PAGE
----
“Would That Dialogue Tip Work Equally Well for Pro-Life Women?”

We published an article today called “Don’t Be Too Nice,” where we encouraged pro-life advocates to hold people to a higher standard of etiquette if they get nasty.

A pro-life friend of mine whom I met in Canada last year asked a really great follow-up question on Twitter:

That’s a great question. Far too many times I’ve been at a pro-life outreach event and I’ve seen female colleagues and volunteers being treated with noticeable condescension from male students, especially if these females are on the shorter side. Sometimes I’ve walked up and joined the conversation and immediately received noticeably more respect. This is horribly unjust. I’ve particularly noticed this appalling behavior from male students that study philosophy. They assume women haven’t thought about it as deeply as they have, so they take on this completely unearned role of a teacher.

I know women can call people to a high standard of etiquette in dialogue, but they probably have to be especially careful to not come across like they’re just personally offended. We call people to being polite and reasonable because good dialogue isn’t possible without it, not because our feelings are so sensitive that we can’t handle someone being rude. Be extra clear that their behavior is unacceptable because it shuts down rational dialogue; it isn’t that you’re some sexist concept of a poor sensitive woman that can’t have a conversation without getting emotional.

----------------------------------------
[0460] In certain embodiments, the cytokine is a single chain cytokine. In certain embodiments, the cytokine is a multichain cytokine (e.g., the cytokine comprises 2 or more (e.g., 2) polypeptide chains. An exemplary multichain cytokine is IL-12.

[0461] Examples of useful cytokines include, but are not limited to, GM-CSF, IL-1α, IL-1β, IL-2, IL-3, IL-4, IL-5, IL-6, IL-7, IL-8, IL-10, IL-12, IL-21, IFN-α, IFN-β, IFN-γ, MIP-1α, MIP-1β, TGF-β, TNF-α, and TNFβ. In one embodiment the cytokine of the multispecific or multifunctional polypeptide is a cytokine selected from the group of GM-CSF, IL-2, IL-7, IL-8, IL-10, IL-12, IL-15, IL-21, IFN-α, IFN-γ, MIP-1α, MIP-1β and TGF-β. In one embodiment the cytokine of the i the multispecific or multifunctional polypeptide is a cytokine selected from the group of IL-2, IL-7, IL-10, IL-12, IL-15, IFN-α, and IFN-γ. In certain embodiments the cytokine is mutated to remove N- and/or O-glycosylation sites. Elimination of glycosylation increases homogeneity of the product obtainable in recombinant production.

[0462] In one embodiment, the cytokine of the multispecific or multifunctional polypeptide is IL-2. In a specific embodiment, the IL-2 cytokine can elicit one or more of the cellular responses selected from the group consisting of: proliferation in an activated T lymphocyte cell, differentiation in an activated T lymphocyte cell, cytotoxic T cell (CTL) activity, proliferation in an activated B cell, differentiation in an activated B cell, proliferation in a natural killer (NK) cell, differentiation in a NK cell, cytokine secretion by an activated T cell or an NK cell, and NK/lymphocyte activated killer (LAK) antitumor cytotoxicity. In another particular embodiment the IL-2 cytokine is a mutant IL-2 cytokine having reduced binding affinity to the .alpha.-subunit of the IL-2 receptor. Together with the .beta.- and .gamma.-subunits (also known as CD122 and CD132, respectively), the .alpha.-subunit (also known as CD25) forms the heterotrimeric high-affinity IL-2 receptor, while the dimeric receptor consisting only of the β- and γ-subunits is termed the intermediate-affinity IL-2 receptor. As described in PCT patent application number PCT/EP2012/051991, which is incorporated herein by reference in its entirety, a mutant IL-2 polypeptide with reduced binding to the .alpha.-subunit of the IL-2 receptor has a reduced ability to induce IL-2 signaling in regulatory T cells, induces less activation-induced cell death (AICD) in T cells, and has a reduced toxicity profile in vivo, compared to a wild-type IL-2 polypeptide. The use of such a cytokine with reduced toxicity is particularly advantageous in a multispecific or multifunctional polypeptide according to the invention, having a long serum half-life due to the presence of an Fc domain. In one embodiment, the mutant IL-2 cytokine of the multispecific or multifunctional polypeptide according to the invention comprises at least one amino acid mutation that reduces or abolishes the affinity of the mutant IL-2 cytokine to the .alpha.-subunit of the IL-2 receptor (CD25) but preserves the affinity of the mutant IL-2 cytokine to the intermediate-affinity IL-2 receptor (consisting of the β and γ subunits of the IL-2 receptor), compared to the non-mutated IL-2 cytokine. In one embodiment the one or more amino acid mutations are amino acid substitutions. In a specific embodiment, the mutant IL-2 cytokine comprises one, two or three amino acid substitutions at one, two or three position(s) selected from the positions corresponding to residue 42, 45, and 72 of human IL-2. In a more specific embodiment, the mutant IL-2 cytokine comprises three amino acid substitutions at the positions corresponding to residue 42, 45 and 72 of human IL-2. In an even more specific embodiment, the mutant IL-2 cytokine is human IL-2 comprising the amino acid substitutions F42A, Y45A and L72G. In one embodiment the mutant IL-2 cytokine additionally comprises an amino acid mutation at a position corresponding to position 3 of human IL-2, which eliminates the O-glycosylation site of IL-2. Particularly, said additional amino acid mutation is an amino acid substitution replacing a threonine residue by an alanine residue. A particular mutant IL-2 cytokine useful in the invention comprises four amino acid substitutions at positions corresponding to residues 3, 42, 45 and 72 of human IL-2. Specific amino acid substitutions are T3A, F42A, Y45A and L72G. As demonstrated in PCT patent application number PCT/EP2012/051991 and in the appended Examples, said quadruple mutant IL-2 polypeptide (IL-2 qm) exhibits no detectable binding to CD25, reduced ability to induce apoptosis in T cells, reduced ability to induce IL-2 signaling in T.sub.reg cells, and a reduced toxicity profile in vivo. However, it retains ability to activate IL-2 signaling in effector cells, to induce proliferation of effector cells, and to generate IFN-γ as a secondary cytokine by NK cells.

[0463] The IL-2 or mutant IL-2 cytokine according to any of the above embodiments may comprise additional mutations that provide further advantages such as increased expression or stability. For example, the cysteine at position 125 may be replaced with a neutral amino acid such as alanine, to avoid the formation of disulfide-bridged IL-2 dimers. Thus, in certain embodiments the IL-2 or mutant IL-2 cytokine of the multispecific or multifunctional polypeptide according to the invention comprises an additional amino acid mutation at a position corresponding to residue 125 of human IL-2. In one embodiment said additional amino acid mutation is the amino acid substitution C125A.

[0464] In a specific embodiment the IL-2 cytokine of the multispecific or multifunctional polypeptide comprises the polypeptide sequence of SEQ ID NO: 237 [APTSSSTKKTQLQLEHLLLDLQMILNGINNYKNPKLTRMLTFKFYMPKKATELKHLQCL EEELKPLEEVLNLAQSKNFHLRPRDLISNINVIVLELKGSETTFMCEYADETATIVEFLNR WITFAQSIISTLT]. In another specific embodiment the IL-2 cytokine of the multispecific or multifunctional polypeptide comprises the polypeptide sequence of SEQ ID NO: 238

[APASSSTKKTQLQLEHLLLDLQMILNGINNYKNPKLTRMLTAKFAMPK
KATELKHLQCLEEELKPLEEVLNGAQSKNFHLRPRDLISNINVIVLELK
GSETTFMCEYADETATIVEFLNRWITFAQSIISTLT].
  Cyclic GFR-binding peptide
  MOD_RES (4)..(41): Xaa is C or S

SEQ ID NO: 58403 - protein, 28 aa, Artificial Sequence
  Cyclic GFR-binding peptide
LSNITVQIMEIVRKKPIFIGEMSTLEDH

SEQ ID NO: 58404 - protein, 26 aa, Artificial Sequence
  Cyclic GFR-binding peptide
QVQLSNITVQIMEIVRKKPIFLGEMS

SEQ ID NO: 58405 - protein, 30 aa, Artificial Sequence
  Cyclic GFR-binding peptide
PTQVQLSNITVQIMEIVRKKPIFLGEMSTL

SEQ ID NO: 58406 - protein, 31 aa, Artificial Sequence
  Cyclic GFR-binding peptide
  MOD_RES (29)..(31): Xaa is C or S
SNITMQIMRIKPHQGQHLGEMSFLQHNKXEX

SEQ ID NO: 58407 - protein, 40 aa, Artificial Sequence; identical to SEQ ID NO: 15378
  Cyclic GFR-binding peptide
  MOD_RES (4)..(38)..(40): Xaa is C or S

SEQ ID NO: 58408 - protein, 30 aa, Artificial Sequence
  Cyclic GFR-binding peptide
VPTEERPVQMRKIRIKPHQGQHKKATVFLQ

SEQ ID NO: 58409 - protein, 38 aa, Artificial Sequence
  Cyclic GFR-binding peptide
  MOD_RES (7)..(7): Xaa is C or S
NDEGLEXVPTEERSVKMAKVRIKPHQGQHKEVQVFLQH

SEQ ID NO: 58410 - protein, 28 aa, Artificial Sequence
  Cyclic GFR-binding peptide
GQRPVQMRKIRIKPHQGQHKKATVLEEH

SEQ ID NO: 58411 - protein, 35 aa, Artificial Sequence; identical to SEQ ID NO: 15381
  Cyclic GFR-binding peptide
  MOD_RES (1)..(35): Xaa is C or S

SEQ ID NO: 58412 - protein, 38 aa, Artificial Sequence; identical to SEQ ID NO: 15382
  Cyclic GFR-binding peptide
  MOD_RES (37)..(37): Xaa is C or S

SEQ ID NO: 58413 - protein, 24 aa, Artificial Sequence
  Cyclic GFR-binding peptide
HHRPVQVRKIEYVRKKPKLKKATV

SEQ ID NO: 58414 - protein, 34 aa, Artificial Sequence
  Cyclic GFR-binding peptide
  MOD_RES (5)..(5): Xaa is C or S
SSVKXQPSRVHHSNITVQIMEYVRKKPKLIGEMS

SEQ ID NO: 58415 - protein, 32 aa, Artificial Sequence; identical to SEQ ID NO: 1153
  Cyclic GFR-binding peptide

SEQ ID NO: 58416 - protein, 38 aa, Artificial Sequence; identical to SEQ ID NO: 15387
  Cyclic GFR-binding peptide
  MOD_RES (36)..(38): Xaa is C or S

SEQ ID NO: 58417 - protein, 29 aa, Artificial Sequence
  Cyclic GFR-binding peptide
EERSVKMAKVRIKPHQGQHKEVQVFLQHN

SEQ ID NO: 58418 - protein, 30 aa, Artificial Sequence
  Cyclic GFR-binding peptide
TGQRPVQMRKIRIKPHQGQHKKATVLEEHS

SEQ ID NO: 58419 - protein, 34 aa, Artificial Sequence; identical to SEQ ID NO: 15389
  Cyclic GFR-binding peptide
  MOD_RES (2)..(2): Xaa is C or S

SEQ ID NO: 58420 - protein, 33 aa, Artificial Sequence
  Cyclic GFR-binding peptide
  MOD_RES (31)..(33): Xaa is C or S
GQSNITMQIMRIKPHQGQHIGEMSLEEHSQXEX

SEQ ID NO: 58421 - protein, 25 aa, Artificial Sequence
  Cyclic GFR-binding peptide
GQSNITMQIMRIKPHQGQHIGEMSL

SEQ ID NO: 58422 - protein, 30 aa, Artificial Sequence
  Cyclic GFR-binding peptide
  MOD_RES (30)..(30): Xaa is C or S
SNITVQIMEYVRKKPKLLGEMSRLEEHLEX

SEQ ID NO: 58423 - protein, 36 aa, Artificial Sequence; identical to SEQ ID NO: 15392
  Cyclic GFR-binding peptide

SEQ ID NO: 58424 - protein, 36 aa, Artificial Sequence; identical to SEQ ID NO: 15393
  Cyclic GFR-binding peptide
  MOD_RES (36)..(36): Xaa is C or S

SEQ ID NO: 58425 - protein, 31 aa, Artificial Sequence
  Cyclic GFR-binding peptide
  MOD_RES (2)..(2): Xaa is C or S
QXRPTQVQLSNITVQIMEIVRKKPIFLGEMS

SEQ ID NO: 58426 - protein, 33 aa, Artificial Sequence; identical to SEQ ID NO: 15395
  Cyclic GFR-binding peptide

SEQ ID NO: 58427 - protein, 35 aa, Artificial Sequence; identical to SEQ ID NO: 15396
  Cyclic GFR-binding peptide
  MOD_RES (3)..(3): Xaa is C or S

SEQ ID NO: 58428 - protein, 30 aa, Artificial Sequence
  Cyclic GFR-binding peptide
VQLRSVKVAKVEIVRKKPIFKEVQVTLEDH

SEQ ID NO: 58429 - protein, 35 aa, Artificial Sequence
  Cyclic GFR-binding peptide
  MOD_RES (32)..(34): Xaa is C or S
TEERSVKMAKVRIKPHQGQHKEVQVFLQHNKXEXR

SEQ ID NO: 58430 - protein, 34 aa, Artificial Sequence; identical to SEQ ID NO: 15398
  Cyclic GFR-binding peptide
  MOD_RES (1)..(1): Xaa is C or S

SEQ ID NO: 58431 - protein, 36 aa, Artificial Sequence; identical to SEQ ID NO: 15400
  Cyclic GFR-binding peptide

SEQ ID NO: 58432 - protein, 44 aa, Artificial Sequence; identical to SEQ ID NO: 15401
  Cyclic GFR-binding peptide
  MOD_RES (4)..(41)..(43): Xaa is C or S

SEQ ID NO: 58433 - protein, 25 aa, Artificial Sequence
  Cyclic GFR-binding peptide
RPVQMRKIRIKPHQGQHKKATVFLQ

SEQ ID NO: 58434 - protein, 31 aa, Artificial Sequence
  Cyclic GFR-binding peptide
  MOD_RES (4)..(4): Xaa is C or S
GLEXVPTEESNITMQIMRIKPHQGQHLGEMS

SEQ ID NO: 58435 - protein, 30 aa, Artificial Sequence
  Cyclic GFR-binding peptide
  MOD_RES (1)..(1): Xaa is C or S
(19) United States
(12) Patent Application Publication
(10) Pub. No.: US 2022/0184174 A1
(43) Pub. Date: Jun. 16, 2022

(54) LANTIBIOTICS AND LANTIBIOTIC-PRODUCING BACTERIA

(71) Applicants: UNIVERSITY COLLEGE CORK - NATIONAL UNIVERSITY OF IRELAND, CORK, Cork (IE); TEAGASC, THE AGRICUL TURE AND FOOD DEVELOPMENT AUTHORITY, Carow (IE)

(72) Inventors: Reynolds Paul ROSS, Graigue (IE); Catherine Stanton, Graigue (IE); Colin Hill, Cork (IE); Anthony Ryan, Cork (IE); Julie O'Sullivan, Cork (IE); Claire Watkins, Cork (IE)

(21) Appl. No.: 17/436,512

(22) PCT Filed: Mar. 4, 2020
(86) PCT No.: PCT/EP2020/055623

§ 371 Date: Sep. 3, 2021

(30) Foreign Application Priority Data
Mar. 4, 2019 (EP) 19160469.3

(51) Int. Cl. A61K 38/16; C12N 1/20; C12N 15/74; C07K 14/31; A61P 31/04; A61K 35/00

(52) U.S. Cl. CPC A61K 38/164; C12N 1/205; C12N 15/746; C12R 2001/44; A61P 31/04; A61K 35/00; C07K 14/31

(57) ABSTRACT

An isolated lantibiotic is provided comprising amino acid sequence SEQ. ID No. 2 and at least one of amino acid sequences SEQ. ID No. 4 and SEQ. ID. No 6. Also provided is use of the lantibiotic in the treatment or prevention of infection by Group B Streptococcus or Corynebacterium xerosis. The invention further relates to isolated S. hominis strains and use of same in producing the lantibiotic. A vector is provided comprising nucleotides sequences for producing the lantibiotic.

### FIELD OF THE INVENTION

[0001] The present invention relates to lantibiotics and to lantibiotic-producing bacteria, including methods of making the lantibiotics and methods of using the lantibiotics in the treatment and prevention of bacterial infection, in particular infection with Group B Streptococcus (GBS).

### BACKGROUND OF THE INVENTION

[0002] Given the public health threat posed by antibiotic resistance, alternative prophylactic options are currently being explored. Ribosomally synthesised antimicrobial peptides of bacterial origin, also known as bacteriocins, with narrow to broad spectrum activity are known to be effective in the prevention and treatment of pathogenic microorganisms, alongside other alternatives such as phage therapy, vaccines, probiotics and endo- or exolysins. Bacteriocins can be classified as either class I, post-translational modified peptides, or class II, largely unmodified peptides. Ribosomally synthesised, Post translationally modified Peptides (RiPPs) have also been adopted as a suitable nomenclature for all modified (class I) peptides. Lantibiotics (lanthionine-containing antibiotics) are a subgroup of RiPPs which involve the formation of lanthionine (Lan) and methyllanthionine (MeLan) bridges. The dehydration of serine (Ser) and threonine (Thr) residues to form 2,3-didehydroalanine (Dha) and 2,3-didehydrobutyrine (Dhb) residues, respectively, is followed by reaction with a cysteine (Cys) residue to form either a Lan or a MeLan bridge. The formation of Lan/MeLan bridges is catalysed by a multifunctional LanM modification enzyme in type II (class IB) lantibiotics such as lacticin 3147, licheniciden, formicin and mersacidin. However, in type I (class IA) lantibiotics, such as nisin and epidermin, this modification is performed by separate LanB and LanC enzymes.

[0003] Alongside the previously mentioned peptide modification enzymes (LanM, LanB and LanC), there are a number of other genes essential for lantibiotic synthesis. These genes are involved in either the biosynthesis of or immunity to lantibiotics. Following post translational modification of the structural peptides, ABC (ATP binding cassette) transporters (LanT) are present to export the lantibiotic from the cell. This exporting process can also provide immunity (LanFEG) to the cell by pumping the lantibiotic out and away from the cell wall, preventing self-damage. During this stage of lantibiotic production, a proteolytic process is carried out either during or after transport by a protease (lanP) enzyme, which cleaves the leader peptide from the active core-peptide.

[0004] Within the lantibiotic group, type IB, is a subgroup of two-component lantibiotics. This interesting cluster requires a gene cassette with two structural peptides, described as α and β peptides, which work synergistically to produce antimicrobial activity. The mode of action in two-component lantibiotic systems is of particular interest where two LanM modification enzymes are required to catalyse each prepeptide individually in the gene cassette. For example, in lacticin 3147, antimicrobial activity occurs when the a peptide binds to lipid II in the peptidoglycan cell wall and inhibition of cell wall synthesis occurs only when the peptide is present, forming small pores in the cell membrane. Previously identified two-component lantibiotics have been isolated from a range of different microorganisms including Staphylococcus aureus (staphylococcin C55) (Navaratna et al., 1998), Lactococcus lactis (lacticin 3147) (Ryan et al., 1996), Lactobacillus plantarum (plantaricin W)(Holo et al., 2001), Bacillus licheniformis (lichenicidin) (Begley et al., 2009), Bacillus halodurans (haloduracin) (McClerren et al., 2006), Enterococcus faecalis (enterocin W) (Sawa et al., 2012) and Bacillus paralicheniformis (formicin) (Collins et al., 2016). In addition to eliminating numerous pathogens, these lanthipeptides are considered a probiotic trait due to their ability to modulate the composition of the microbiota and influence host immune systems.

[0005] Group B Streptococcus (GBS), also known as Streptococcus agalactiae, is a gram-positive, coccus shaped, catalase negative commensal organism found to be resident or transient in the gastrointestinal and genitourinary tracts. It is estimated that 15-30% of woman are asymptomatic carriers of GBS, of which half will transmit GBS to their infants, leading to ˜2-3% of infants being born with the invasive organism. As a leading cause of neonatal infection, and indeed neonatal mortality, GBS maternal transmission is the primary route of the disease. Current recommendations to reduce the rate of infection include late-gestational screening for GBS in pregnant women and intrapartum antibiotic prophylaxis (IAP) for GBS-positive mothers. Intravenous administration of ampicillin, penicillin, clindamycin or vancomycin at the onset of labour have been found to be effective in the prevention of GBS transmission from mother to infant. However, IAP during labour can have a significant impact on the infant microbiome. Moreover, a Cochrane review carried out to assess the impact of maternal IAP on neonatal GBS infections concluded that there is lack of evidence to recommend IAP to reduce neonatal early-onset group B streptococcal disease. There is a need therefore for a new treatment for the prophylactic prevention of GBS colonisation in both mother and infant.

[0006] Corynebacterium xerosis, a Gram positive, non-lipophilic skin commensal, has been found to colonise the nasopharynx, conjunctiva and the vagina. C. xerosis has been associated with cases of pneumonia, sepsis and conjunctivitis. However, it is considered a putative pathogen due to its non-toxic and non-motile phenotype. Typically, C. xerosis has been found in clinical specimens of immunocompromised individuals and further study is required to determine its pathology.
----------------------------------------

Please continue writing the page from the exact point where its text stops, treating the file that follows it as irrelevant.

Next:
That’s about as much insight as I have on this point at the moment, being a man. I’d be really interested to hear from women: how do you deal with this problem? Do you have any practical techniques to offer?

Director of Training

Timothy Brahm is the Director of Training at Equal Rights Institute. He is interested in helping pro-life and pro-choice people to have better dialogues about abortion through 1) taking care to understand what the other person means, 2) using more carefully-constructed arguments, and 3) treating each other with care and respect. He graduated from Biola University with a B.A. in philosophy and is a perpetual member of the Torrey Honors Institute.

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